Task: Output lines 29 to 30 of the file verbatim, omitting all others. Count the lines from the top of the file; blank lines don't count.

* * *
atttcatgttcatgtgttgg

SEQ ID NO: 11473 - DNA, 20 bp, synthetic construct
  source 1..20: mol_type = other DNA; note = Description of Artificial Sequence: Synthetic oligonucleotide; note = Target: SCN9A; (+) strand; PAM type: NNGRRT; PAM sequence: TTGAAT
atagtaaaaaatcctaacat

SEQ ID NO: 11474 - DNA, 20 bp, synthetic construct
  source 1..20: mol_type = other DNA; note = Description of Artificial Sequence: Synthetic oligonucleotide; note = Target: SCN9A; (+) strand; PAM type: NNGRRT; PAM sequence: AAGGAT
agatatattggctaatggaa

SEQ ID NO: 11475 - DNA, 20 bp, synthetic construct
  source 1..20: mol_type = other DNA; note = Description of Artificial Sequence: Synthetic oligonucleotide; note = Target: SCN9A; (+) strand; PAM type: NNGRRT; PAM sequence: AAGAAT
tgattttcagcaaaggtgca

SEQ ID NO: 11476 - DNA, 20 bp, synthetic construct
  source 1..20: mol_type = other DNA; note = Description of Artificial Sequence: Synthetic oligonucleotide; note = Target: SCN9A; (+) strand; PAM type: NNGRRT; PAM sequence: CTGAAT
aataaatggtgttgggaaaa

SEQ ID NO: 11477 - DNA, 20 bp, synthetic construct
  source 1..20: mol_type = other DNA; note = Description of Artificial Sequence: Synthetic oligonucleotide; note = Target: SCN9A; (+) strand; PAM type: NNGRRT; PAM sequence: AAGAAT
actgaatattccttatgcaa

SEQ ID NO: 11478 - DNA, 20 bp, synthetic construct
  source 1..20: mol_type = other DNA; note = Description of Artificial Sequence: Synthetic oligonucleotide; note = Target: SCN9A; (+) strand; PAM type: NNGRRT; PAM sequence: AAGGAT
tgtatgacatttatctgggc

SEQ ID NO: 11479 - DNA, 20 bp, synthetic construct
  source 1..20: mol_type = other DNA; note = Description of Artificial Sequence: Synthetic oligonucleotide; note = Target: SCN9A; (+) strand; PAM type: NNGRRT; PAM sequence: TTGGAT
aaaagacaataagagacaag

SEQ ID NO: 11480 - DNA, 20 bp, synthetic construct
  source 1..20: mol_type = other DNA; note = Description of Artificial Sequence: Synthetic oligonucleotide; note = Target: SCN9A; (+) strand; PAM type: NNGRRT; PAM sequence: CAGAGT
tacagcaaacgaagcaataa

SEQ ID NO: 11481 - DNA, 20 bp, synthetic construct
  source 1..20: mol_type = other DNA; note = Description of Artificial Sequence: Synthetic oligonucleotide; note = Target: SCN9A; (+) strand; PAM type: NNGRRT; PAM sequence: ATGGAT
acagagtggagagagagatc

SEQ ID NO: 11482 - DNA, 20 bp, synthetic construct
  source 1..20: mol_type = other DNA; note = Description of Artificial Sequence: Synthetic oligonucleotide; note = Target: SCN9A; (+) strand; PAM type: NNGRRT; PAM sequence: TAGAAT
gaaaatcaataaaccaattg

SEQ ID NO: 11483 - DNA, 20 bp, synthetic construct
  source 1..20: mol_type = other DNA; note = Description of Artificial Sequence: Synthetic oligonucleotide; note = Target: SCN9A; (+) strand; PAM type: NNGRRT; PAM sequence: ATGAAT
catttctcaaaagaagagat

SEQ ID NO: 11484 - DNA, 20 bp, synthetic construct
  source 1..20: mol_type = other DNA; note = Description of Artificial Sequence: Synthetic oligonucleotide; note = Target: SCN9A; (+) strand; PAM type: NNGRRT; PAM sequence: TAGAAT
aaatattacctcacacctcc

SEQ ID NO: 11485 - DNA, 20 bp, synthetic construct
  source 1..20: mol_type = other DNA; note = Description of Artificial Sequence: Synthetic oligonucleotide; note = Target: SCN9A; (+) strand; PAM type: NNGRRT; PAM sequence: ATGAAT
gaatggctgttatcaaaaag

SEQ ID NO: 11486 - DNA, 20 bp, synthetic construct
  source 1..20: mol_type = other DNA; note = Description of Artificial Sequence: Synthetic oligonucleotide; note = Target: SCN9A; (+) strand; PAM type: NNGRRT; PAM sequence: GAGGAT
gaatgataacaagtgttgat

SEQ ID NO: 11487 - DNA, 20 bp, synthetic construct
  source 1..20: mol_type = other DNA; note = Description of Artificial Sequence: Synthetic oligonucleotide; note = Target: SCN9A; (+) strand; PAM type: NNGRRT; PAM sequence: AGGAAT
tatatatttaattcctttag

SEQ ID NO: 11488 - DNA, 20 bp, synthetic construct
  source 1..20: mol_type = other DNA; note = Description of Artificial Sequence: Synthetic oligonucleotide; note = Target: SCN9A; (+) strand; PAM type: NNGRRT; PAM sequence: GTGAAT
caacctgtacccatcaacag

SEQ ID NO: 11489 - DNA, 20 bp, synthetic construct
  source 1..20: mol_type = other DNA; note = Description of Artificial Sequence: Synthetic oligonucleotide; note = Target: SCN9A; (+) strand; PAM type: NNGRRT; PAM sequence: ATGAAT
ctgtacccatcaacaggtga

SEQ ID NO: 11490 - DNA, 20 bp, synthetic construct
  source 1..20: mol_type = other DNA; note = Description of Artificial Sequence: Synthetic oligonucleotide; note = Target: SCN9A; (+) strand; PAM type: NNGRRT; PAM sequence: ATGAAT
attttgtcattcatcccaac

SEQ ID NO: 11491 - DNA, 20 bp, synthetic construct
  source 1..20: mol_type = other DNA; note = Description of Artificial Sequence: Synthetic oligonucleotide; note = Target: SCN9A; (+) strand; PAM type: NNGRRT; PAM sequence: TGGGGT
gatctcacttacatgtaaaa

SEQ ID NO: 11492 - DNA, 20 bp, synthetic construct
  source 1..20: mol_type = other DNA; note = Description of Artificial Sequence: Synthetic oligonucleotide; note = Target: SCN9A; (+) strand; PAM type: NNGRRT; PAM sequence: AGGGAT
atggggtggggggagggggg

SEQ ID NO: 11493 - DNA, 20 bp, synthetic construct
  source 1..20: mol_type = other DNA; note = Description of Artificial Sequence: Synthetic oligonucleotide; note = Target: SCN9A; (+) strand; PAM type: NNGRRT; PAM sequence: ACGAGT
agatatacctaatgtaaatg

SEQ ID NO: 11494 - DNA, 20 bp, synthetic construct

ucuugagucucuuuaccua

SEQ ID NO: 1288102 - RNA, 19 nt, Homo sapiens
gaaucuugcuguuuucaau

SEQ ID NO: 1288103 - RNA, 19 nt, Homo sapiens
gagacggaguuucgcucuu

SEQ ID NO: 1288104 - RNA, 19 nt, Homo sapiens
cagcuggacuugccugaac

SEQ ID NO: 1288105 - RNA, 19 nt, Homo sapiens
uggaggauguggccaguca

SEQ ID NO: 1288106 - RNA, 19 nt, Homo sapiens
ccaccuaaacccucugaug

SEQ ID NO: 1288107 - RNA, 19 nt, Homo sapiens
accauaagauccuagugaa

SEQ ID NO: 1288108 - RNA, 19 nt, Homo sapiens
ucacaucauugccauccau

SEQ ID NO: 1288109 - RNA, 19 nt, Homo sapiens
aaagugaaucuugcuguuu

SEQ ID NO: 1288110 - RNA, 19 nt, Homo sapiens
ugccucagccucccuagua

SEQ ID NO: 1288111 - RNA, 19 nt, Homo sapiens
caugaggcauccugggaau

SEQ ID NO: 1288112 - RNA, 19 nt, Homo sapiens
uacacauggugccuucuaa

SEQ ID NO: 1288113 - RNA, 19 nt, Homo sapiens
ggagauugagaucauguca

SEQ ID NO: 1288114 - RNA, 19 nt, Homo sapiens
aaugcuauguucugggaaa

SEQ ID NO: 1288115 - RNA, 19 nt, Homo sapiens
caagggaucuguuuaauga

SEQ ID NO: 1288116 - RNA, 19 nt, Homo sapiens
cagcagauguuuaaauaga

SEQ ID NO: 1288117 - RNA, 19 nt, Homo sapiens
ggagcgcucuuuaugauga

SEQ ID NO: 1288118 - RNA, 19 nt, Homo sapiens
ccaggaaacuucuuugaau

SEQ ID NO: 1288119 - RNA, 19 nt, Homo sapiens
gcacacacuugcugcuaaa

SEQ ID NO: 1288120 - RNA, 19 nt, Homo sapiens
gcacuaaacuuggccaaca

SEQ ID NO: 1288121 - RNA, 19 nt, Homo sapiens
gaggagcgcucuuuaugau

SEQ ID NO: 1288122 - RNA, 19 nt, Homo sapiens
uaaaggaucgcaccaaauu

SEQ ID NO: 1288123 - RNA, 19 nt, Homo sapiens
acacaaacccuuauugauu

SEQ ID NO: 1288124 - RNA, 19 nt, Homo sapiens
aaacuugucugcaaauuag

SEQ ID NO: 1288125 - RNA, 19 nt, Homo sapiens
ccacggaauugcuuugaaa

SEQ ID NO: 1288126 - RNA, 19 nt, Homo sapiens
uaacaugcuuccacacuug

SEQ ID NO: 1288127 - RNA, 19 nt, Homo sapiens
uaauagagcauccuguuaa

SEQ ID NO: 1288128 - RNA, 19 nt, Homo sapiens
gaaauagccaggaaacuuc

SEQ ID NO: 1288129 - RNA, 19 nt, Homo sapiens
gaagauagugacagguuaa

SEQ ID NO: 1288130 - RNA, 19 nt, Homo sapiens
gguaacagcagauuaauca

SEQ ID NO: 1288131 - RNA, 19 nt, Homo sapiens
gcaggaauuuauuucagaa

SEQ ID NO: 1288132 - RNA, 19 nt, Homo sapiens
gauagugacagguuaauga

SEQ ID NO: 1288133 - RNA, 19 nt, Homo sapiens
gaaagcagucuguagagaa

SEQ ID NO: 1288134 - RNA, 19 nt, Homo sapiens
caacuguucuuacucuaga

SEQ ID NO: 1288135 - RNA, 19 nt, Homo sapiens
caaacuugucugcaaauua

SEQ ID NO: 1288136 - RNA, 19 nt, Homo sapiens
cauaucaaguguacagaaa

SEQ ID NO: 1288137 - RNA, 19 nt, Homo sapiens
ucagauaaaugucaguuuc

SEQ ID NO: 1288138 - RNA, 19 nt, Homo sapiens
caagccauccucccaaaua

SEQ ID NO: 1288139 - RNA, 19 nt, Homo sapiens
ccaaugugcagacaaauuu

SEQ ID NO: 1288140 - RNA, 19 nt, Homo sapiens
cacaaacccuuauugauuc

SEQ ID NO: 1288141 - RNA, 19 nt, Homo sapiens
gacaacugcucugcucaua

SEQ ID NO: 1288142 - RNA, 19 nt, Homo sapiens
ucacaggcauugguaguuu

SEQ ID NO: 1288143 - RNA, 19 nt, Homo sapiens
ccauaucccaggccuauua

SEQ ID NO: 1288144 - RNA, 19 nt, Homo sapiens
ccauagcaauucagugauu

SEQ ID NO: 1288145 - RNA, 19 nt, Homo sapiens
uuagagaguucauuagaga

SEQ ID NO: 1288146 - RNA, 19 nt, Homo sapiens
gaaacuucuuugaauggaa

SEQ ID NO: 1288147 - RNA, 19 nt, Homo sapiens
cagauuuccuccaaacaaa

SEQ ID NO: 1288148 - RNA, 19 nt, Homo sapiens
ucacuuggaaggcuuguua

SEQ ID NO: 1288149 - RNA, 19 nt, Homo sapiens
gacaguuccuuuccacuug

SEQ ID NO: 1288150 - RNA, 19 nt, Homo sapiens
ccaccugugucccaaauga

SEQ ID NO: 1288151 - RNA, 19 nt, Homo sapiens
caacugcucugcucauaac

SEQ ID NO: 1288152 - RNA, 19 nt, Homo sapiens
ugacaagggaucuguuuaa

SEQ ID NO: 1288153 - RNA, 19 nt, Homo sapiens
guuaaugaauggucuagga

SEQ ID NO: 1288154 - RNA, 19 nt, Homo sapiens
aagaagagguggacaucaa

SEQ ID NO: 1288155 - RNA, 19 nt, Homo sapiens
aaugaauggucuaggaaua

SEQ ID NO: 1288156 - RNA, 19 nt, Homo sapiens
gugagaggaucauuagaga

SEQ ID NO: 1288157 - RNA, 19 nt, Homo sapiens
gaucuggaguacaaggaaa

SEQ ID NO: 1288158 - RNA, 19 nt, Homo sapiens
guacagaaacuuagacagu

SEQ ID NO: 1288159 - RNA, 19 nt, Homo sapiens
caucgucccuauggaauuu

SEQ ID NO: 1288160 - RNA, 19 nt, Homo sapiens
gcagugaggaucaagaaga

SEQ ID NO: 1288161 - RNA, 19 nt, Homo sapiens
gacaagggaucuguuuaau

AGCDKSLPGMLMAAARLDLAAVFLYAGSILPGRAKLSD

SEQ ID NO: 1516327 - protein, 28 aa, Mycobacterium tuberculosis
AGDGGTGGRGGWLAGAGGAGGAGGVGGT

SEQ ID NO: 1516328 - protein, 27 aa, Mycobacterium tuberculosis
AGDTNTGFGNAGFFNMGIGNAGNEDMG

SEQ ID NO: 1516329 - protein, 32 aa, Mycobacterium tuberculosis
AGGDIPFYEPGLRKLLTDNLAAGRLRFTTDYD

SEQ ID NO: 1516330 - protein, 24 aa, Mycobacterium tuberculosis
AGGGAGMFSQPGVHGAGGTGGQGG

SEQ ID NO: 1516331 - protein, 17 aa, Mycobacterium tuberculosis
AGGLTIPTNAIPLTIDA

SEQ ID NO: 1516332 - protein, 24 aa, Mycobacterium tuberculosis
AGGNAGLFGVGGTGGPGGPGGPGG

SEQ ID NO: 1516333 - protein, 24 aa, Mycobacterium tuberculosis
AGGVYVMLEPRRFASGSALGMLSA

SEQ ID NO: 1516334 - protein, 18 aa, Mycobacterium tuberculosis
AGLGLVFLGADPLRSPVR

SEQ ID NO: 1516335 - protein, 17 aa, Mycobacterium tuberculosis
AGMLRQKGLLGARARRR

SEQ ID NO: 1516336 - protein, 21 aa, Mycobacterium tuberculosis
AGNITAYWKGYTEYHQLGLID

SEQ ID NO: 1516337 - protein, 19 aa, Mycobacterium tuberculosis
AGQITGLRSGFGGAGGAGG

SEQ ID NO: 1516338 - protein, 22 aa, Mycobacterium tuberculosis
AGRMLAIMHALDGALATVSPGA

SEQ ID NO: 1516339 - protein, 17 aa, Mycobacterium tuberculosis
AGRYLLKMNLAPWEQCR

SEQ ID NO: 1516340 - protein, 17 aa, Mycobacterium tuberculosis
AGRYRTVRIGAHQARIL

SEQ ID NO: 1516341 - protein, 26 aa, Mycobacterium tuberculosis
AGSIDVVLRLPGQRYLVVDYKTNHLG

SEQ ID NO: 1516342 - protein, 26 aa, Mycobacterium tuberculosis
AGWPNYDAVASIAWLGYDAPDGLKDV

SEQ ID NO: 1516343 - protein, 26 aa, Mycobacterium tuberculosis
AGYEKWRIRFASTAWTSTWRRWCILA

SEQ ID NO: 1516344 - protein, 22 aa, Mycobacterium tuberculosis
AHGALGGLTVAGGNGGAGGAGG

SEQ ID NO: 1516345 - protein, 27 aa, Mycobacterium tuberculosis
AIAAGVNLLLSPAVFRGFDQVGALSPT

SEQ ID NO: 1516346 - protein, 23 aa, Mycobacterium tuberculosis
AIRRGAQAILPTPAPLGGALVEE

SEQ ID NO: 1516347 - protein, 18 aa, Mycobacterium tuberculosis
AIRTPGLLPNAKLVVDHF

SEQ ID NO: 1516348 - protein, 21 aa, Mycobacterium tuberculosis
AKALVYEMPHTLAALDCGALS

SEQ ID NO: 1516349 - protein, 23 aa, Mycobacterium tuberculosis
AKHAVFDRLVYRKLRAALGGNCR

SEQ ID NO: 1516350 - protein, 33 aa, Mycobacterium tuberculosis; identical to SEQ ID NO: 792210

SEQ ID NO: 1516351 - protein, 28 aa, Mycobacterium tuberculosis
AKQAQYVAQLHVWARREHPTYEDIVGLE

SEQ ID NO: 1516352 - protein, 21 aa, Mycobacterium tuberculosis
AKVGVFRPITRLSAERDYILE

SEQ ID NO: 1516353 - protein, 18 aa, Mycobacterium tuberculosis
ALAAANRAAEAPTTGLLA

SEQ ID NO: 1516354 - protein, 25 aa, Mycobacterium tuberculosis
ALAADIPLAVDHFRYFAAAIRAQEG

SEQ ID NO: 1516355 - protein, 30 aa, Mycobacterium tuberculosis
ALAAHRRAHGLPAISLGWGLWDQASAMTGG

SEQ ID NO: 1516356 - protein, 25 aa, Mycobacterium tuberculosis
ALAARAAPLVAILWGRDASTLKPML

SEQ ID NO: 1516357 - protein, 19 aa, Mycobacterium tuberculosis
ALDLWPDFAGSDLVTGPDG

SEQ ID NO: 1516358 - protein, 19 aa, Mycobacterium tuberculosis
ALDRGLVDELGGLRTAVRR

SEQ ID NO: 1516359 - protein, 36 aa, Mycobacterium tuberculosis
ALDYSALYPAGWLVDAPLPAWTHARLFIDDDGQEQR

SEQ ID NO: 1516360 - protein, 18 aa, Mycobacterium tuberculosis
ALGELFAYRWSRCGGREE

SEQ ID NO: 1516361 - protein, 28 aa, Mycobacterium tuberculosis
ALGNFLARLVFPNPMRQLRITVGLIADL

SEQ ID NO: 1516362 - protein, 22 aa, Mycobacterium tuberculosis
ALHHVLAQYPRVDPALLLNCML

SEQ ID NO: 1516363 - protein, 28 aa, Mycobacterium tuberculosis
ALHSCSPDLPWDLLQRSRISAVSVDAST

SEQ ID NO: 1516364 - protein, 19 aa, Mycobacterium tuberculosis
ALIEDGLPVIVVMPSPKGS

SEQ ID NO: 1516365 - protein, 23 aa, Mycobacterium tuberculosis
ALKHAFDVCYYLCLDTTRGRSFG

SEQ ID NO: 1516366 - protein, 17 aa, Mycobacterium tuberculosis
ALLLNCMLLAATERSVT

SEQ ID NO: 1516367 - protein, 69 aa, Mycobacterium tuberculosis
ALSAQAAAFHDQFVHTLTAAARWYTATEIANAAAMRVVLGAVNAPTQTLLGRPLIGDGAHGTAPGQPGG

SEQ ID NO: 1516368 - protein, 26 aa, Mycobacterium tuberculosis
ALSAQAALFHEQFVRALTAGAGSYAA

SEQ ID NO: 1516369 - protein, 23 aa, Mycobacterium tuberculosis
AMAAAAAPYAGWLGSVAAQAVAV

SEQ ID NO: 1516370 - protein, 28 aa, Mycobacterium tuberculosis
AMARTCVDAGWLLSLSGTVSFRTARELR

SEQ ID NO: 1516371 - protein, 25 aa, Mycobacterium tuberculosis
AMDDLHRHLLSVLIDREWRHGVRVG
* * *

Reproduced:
SEQ ID NO: 11482 - DNA, 20 bp, synthetic construct
  source 1..20: mol_type = other DNA; note = Description of Artificial Sequence: Synthetic oligonucleotide; note = Target: SCN9A; (+) strand; PAM type: NNGRRT; PAM sequence: TAGAAT